By Amber Schumacher
EDGEMONT - Some say lightning can’t strike twice. Perhaps those people are speaking of life’s misfortunes and bad luck because for one Edgemont resident, lightning has indeed struck twice.
According to weatherimagery.com the odds of getting struck by lightning in the U.S. in any single year is 1 in 700,000. We aren’t sure if those same odds apply to trees but one can assume that Edgemont resident George Eberle’s tree is not so lucky.
In the past 20 years, not only has a large tree in his yard been struck by lightning, but it has been struck twice. To further complicate the odds of that happening, both lightning strikes occurred side by side on the same side of the tree (refer to image). The darkened part of the tree is from a lightning strike that happened 20 years ago and the freshly stripped bark is from the lightning strike that hit Eberle’s property on the night of May 28 during a county-wide thunderstorm that rocked the area.
During the thunderstorm, Eberle heard a large cracking sound and felt his whole house shake. Seconds later he experienced total darkness after his power was knocked out by the lightning strike. Not only did he hear and feel the powerful electric bolt, but he saw the flash of light as it made contact with the ground.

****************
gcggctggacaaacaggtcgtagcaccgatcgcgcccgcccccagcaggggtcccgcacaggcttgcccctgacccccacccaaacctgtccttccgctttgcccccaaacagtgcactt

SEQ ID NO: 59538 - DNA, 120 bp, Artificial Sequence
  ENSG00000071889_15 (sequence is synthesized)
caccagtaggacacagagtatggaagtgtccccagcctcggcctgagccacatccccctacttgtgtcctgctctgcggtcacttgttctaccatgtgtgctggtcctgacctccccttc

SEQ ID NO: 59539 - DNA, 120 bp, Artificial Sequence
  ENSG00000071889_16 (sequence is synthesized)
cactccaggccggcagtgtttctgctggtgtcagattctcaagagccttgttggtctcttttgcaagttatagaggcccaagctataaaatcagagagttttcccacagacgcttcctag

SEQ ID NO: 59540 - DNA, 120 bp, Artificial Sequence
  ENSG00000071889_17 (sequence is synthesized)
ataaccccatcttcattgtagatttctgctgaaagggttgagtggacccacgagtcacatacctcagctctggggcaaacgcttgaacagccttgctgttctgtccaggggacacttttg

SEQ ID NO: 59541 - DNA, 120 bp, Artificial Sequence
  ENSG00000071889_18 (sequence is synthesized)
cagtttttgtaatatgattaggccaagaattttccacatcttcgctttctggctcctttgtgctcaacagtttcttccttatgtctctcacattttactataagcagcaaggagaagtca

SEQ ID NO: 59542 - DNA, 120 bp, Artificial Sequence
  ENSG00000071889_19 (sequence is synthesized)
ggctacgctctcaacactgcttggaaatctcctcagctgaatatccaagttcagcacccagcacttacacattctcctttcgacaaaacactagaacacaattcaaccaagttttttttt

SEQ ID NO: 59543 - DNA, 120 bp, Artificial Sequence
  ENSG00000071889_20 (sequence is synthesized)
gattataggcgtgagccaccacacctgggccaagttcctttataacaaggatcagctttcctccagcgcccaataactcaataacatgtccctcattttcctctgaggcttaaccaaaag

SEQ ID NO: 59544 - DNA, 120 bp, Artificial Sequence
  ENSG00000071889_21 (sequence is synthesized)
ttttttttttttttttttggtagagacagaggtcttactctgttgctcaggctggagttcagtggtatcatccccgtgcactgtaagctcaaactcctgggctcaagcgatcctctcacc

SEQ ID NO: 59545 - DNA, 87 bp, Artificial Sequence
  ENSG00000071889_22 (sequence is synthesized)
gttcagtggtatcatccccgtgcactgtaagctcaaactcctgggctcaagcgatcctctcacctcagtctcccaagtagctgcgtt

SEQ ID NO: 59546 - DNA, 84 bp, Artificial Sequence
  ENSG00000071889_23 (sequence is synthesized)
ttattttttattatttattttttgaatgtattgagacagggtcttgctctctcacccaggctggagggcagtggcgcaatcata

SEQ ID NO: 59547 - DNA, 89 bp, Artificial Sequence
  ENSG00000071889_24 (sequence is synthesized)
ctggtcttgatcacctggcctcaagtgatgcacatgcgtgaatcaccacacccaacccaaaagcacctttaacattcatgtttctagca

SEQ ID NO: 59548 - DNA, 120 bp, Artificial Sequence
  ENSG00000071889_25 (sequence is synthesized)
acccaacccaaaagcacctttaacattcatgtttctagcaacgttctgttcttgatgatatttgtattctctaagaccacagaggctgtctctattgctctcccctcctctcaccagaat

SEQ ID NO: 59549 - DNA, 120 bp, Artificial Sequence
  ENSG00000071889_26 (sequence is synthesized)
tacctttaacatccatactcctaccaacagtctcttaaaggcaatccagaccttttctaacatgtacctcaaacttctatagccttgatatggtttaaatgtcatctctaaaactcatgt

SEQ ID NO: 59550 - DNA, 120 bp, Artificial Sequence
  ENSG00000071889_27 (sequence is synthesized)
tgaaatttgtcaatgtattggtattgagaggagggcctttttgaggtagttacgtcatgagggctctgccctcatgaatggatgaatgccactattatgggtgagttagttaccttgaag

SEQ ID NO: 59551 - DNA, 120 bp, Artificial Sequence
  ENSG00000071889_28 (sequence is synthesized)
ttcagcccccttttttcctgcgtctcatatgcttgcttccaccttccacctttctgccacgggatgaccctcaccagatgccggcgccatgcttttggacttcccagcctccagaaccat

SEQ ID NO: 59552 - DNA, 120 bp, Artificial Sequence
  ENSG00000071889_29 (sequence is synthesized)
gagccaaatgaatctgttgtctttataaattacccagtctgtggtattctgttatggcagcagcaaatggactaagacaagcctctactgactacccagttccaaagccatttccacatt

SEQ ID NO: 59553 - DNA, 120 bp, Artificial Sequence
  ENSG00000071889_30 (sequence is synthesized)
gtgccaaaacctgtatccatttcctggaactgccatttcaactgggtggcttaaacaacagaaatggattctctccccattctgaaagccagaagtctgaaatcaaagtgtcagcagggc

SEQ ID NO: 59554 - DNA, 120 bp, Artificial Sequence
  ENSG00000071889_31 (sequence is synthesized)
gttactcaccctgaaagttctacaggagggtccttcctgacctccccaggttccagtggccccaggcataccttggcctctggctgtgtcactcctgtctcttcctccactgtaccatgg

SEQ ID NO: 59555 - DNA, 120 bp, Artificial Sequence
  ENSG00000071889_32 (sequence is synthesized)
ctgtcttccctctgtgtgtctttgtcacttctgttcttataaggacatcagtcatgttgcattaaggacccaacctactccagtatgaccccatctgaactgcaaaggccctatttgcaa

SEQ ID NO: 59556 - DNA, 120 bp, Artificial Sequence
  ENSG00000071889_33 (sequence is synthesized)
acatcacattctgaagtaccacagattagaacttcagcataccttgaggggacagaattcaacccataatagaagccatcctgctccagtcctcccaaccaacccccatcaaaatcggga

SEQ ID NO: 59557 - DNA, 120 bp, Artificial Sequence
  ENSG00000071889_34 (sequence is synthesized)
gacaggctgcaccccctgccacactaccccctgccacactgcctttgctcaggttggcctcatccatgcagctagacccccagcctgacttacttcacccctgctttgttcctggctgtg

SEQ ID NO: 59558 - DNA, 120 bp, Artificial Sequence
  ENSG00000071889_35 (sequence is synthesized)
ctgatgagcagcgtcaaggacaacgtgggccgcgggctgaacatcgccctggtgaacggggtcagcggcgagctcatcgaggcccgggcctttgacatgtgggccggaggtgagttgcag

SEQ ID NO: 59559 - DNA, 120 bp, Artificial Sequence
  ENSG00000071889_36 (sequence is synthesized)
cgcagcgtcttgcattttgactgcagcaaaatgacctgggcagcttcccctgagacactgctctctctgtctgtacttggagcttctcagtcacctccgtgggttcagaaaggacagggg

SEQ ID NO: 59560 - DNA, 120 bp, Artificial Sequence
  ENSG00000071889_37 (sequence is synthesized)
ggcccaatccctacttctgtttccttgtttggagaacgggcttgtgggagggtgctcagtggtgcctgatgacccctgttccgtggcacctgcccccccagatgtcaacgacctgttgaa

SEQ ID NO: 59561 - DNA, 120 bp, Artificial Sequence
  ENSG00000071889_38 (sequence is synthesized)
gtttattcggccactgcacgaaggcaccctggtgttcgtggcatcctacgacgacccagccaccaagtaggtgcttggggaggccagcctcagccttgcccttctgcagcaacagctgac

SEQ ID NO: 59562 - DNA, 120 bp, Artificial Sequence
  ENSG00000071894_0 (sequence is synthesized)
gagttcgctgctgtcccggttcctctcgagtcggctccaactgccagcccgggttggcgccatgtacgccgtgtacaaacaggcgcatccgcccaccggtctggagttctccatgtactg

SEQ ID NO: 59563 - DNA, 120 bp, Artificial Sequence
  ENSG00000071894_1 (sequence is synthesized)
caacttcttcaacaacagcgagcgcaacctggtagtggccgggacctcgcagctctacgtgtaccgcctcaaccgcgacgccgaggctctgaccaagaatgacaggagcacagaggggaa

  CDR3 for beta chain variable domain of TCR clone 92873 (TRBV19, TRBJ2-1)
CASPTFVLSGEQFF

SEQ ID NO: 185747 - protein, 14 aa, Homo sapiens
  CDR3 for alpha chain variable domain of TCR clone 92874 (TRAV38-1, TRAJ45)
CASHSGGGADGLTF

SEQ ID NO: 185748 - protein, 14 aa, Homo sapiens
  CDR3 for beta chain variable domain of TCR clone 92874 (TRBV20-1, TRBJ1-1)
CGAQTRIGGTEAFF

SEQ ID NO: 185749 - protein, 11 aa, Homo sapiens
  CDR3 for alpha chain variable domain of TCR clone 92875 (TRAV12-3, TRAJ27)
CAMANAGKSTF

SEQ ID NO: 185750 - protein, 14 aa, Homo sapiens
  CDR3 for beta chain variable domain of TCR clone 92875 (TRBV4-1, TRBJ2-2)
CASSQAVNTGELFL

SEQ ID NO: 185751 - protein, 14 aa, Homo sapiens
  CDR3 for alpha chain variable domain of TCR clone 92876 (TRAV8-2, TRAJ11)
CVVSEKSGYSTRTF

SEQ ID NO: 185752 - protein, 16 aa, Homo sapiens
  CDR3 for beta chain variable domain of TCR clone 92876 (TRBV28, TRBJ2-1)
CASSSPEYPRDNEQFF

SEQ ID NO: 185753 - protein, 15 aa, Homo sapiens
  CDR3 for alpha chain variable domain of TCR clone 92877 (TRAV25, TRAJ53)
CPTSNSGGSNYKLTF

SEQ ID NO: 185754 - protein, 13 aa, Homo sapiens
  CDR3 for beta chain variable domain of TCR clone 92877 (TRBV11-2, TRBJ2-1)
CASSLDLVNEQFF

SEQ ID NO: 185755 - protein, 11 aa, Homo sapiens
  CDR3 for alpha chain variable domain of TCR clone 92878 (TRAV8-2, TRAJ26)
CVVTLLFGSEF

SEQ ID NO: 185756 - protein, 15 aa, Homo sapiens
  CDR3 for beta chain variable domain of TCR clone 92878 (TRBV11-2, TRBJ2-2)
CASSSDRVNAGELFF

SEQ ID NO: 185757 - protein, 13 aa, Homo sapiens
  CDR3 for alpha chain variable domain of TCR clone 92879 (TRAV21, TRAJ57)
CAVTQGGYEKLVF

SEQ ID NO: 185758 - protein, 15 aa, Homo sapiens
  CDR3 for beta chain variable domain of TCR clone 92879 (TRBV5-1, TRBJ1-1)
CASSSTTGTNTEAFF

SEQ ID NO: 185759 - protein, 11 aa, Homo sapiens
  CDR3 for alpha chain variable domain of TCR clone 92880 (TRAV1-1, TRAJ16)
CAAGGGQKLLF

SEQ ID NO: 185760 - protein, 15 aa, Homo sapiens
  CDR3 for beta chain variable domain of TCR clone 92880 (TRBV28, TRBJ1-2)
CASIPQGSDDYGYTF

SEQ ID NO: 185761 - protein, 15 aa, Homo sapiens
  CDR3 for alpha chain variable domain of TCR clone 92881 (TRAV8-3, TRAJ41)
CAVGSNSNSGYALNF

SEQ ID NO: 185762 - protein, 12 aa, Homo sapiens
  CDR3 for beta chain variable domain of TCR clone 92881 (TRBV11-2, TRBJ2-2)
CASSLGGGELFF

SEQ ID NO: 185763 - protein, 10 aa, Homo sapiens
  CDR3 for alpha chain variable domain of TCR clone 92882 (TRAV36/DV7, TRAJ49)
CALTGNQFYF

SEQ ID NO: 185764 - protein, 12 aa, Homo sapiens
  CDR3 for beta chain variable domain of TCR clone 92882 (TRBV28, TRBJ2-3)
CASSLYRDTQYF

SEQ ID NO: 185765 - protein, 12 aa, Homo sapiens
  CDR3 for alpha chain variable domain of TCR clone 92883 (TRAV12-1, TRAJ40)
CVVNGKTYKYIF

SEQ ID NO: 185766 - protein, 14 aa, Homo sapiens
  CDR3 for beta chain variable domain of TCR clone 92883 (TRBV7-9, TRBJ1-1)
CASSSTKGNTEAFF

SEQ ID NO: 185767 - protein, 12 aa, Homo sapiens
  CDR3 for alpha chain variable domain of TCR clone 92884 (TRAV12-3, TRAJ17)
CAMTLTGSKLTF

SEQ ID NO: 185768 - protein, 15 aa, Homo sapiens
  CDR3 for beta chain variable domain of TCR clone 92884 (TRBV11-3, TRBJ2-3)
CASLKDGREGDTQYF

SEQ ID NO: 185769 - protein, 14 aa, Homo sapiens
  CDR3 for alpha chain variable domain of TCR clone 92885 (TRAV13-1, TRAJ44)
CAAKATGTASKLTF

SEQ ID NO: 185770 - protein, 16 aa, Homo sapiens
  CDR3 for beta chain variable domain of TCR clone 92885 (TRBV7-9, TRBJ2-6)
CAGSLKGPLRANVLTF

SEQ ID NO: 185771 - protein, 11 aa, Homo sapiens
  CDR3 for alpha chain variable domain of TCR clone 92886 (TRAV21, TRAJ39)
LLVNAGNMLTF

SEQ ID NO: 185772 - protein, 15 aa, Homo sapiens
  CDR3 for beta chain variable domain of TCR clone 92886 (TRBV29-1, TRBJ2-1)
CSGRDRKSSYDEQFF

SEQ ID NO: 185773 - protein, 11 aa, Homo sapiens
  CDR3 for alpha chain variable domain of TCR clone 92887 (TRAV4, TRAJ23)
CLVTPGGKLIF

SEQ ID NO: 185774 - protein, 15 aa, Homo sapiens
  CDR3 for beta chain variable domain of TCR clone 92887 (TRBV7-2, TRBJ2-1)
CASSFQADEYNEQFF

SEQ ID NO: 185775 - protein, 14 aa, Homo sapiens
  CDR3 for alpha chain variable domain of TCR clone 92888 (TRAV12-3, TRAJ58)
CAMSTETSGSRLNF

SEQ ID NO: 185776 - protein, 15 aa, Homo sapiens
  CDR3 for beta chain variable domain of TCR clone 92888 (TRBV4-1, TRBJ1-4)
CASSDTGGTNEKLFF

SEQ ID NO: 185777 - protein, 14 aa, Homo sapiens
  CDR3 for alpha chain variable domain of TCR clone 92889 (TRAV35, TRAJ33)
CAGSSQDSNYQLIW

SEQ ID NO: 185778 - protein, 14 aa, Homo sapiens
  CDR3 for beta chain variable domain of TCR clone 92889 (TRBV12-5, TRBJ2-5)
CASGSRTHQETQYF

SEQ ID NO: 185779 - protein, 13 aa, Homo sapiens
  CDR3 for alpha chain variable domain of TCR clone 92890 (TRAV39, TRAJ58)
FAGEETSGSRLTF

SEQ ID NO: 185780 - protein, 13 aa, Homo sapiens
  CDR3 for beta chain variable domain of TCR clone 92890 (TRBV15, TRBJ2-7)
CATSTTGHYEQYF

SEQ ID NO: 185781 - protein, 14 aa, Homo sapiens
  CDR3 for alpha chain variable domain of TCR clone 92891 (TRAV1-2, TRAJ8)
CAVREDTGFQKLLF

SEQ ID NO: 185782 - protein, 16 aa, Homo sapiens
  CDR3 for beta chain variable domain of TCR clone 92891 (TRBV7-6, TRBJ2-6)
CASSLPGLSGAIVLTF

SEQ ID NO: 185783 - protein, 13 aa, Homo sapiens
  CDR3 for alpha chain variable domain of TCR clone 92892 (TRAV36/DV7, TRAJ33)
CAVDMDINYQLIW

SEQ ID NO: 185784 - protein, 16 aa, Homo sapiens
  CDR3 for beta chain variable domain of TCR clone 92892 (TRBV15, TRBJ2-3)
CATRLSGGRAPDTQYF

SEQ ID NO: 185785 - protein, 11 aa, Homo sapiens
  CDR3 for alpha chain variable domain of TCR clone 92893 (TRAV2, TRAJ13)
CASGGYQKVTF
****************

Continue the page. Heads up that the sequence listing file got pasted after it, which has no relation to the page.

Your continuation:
According to weatherimagery.com, a lightning bolt packs a powerful punch, putting off anywhere from 1,000,000 to 1,000,000,000 volts and between 10,000 and 200,000 amps of power. Additionally, a single lightning bolt is five times hotter than the surface of the sun and is about 50,000 degrees Fahrenheit. With all this power, it’s no wonder this lightning strike was able to catapult debris off of the unlucky tree and across the front and back yard of Eberle’s property.
Luckily for Eberle, it was only a tree that was struck during a thunderstorm with heavy rains. Many properties and forests aren’t so lucky, with the yearly damage caused by lightning in the United States rising to about $400,000,000.
Lastly, a statistic from weatherimagery.com states that the odds of being struck by lightning in your lifetime is 1 in 5,000 and comparably your odds of winning the national lottery jackpot is 1 in 14 million. Unfortunately for the vast majority, you’d be better off to bet on the power of lightning and take cover during a thunderstorm and remember this tip from weatherimagery.com, “if your hair stands on end during a storm, that’s a bad sign. It means positive charge is building up around you and your chances of being struck are extremely high.”
Amber Schumacher/Fall River County Herald
George Eberle stands next to a tree on his property. The dark stripe is from a lightning strike from 20 years ago and the light stripe is from the lightning strike on the night of May 28.